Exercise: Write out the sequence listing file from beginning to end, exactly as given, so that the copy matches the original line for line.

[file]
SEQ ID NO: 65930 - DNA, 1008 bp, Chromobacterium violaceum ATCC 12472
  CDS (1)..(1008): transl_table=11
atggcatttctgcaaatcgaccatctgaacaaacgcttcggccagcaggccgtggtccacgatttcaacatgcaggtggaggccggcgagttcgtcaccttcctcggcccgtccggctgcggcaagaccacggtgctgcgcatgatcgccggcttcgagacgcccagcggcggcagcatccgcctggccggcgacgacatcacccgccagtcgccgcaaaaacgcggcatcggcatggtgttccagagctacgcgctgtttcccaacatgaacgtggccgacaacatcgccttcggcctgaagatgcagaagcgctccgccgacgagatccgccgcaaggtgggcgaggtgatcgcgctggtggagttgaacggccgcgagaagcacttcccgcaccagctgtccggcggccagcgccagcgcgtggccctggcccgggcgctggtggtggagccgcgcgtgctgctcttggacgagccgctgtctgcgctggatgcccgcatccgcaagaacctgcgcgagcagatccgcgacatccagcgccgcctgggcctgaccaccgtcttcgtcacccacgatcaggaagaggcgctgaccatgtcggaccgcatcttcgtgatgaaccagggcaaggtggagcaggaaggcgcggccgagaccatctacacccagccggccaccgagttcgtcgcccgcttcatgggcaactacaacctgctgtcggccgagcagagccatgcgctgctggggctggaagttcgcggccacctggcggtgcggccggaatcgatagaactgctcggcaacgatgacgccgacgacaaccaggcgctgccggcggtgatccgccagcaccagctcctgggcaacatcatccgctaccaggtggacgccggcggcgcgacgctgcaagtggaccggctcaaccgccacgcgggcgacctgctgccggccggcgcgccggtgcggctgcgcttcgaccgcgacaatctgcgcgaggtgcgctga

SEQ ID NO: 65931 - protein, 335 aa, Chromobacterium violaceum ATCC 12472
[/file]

SEQ ID NO: 65930 - DNA, 1008 bp, Chromobacterium violaceum ATCC 12472
  CDS (1)..(1008): transl_table=11
atggcatttctgcaaatcgaccatctgaacaaacgcttcggccagcaggccgtggtccacgatttcaacatgcaggtggaggccggcgagttcgtcaccttcctcggcccgtccggctgcggcaagaccacggtgctgcgcatgatcgccggcttcgagacgcccagcggcggcagcatccgcctggccggcgacgacatcacccgccagtcgccgcaaaaacgcggcatcggcatggtgttccagagctacgcgctgtttcccaacatgaacgtggccgacaacatcgccttcggcctgaagatgcagaagcgctccgccgacgagatccgccgcaaggtgggcgaggtgatcgcgctggtggagttgaacggccgcgagaagcacttcccgcaccagctgtccggcggccagcgccagcgcgtggccctggcccgggcgctggtggtggagccgcgcgtgctgctcttggacgagccgctgtctgcgctggatgcccgcatccgcaagaacctgcgcgagcagatccgcgacatccagcgccgcctgggcctgaccaccgtcttcgtcacccacgatcaggaagaggcgctgaccatgtcggaccgcatcttcgtgatgaaccagggcaaggtggagcaggaaggcgcggccgagaccatctacacccagccggccaccgagttcgtcgcccgcttcatgggcaactacaacctgctgtcggccgagcagagccatgcgctgctggggctggaagttcgcggccacctggcggtgcggccggaatcgatagaactgctcggcaacgatgacgccgacgacaaccaggcgctgccggcggtgatccgccagcaccagctcctgggcaacatcatccgctaccaggtggacgccggcggcgcgacgctgcaagtggaccggctcaaccgccacgcgggcgacctgctgccggccggcgcgccggtgcggctgcgcttcgaccgcgacaatctgcgcgaggtgcgctga

SEQ ID NO: 65931 - protein, 335 aa, Chromobacterium violaceum ATCC 12472